Healthcare services have been on a slow but steady course of transformation until now. The COVID-19 pandemic has exposed the fragility of our services and has accelerated radical change.

As we emerge from this global emergency, what will the next version of healthcare look like? Will we slide back to the “old normal” or will we find a “new normal” with innovative ways of managing health and illness?

Our overarching learning is that we need to continue down the path of introducing technology-enhanced health services which can help front line clinicians react quickly, adapt to future challenges and deliver care in better ways to revolutionise experiences for patients and the public.

In this paper, we benchmark the current patient experience and consider the prospects for change emerging from our learnings from the COVID-19 pandemic. We have also studied innovation and developments from across the world, with the notable shifts coming from the USA and China.

Clinicians, patients and industry leaders have provided insights from their experience of healthcare and their predictions for the short and long term. In exploring what the future may hold for the patient experience, is it important to look at what actions are both feasible and realistic with the resources and technology we have today.

With steady change and progression during the past 20 years, the COVID-19 pandemic has showed that we need more than evolution, we need radical transformation. With the help of industry leaders and patients, we have explored how healthcare might look in the future. We identify three vital areas of change, each of which will revolutionise the way that citizens manage their health and engage with healthcare services. Interestingly, although artificial intelligence will be a part of all of these areas, it’s not necessarily the most important technological development.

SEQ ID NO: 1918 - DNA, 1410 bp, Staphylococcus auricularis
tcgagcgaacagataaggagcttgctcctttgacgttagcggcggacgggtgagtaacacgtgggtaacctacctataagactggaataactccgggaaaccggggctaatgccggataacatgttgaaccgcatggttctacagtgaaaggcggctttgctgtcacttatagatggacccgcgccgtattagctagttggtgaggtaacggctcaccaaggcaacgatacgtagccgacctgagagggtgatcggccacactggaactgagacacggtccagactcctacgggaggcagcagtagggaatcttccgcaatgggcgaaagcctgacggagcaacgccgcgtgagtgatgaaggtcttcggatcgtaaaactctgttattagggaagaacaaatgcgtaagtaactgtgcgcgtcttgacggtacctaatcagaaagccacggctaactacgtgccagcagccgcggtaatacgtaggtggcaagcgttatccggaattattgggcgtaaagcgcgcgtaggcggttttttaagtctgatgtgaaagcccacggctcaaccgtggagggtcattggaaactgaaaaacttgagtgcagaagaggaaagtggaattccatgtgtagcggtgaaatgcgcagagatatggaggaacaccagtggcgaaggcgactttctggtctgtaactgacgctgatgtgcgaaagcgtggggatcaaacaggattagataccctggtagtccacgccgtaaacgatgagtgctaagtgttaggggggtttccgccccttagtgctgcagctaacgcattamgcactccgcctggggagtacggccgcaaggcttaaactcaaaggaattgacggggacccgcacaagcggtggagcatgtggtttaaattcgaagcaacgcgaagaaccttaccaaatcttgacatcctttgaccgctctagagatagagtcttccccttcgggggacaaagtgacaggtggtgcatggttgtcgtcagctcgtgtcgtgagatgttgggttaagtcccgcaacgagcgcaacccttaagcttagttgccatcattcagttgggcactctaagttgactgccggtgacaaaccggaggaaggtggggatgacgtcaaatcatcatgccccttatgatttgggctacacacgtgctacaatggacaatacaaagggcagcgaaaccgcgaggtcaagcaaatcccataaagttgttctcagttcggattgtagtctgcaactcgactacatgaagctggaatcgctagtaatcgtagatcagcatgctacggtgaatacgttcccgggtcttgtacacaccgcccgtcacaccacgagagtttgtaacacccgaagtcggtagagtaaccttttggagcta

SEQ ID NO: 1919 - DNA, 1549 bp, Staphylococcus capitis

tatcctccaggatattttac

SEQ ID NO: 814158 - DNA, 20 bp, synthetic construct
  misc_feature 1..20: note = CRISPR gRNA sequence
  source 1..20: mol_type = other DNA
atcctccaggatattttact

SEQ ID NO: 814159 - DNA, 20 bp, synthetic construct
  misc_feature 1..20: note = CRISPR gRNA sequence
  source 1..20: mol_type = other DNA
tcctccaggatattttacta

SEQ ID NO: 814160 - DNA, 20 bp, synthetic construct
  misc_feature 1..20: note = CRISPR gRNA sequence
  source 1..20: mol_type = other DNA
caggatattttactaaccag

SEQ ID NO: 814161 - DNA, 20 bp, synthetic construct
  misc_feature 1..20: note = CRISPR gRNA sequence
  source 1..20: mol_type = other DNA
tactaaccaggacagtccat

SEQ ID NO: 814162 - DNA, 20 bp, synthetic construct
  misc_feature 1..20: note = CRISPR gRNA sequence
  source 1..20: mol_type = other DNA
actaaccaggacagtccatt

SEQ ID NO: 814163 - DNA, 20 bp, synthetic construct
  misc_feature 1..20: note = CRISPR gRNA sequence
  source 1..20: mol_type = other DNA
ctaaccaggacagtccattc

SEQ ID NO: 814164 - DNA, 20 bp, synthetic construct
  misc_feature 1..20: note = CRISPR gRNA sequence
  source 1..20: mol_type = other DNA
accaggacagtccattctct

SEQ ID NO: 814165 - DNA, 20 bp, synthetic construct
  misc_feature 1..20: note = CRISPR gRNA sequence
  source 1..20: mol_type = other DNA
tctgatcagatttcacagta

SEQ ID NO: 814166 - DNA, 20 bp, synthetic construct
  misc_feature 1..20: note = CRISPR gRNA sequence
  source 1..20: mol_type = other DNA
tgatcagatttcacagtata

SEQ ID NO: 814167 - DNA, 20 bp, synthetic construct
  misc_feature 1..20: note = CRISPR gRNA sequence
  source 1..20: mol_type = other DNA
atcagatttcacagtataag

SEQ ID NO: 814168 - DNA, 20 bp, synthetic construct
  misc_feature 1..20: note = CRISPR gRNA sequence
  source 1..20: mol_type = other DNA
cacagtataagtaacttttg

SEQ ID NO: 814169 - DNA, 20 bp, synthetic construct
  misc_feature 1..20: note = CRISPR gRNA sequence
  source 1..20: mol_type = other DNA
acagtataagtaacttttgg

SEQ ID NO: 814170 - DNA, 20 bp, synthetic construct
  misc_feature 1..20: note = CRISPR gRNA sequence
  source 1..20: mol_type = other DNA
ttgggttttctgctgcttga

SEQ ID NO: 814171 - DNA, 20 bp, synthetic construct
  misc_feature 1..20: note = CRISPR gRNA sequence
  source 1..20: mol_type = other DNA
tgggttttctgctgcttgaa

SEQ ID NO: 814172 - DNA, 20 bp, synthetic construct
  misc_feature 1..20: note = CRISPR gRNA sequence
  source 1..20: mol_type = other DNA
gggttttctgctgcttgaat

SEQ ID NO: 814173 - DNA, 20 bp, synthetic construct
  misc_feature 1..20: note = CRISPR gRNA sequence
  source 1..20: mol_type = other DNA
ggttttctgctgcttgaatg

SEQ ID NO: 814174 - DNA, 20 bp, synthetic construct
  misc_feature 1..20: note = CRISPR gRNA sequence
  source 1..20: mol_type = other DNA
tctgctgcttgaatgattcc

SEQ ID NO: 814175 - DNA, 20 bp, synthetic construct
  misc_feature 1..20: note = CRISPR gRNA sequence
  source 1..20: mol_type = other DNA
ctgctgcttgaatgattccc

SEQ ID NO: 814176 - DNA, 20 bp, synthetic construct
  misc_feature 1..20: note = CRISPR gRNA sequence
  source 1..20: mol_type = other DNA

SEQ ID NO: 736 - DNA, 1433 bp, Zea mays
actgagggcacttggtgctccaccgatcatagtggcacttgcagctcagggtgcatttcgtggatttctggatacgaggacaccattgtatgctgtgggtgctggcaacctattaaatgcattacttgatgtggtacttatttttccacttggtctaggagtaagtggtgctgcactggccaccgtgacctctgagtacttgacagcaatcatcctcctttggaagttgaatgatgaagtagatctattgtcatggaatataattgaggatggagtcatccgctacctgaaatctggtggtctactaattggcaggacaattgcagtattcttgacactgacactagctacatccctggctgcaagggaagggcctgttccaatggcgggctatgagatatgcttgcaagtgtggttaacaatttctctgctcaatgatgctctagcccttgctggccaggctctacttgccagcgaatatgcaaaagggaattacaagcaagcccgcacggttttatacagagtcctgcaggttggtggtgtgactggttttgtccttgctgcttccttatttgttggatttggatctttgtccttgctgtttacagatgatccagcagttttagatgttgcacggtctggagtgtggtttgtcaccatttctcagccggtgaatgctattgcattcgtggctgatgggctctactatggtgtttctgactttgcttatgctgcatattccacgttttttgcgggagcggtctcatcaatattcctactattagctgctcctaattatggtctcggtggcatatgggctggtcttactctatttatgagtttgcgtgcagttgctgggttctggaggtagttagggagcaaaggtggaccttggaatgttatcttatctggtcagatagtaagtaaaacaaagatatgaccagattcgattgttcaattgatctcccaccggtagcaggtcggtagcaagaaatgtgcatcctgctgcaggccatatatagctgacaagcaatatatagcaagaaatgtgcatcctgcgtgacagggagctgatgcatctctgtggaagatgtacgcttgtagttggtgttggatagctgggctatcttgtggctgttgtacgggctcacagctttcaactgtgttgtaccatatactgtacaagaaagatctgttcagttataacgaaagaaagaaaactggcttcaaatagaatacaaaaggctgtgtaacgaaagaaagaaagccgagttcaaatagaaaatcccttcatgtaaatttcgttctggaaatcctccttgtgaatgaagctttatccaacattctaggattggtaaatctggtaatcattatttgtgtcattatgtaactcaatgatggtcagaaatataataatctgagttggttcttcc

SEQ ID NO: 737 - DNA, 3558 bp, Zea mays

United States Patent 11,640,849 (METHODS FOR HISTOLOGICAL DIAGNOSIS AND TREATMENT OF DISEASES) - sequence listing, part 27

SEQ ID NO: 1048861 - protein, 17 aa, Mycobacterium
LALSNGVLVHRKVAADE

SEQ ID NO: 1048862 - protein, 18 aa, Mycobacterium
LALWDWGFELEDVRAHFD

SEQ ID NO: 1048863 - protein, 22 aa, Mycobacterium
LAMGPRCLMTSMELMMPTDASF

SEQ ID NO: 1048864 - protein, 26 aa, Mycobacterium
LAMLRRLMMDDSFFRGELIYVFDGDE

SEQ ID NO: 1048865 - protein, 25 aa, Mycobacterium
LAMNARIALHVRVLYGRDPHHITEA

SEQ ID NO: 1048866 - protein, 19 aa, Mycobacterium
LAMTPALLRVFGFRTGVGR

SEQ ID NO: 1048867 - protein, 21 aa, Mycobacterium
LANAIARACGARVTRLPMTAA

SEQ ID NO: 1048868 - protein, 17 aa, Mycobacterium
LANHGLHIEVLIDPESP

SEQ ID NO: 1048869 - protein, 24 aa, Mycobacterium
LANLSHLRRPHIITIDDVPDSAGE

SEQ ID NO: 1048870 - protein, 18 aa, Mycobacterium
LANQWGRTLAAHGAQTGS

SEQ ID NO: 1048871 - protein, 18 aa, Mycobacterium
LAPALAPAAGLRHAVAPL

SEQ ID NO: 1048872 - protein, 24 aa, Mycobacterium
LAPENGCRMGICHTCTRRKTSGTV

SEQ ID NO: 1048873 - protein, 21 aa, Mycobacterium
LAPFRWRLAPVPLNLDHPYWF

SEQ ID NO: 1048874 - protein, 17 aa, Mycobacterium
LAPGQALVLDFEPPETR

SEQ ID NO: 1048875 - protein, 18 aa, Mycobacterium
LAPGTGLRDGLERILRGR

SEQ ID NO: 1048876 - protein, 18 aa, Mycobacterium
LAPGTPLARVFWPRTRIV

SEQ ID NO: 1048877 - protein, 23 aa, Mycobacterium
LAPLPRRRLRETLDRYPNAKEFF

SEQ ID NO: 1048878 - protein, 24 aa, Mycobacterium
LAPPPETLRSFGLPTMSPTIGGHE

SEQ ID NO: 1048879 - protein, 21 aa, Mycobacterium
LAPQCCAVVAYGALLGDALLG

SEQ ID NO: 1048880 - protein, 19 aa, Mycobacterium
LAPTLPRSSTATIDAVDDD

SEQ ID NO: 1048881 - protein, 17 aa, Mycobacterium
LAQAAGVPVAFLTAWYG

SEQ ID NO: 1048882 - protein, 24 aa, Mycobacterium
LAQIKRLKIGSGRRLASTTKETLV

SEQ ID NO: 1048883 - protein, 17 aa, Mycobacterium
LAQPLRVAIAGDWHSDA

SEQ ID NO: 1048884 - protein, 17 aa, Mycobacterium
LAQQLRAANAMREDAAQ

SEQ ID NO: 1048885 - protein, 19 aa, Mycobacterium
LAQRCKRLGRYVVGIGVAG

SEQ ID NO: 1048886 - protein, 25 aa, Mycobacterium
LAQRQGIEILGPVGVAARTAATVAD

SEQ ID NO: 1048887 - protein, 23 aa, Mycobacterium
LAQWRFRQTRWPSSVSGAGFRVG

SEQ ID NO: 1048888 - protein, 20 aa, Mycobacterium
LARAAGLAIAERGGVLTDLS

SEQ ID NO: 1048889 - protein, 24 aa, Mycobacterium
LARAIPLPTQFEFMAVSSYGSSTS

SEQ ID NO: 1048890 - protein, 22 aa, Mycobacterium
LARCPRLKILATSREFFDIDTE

from Dr Tim Ringrose – CEO of Cognitant “One of the biggest issues in healthcare today is overwhelming demand. Our services are being swamped by the rising tide of care needs, particularly to address the growing number of people with long-term conditions and an increasingly ageing population. Our existing systems struggle to keep up with capacity at the best of times, and when a crisis hits, as we are now painfully aware, we have little or no reserve capacity. We need to quickly find new models of care, and we need to empower each person to understand and manage their own health. We need to revolutionise the way we inform people about health, disease and treatment.”

The patient journey through a healthcare system is much more than an appointment at a health clinic or hospital; it’s a long series of events and experiences, much of which is navigated without support and with access to little or no reliable information. Many patients describe their enormous frustration and anxiety as they try to understand a diagnosis, find out about what treatments are most appropriate and plan their lives and that of their loved ones. It’s no wonder that searching for health information is one of the top uses of Google, but alongside the benefits of the internet there are also many dangers. Most of my fellow doctors say to patients, “whatever you do, don’t look up your condition online – it will scare you.”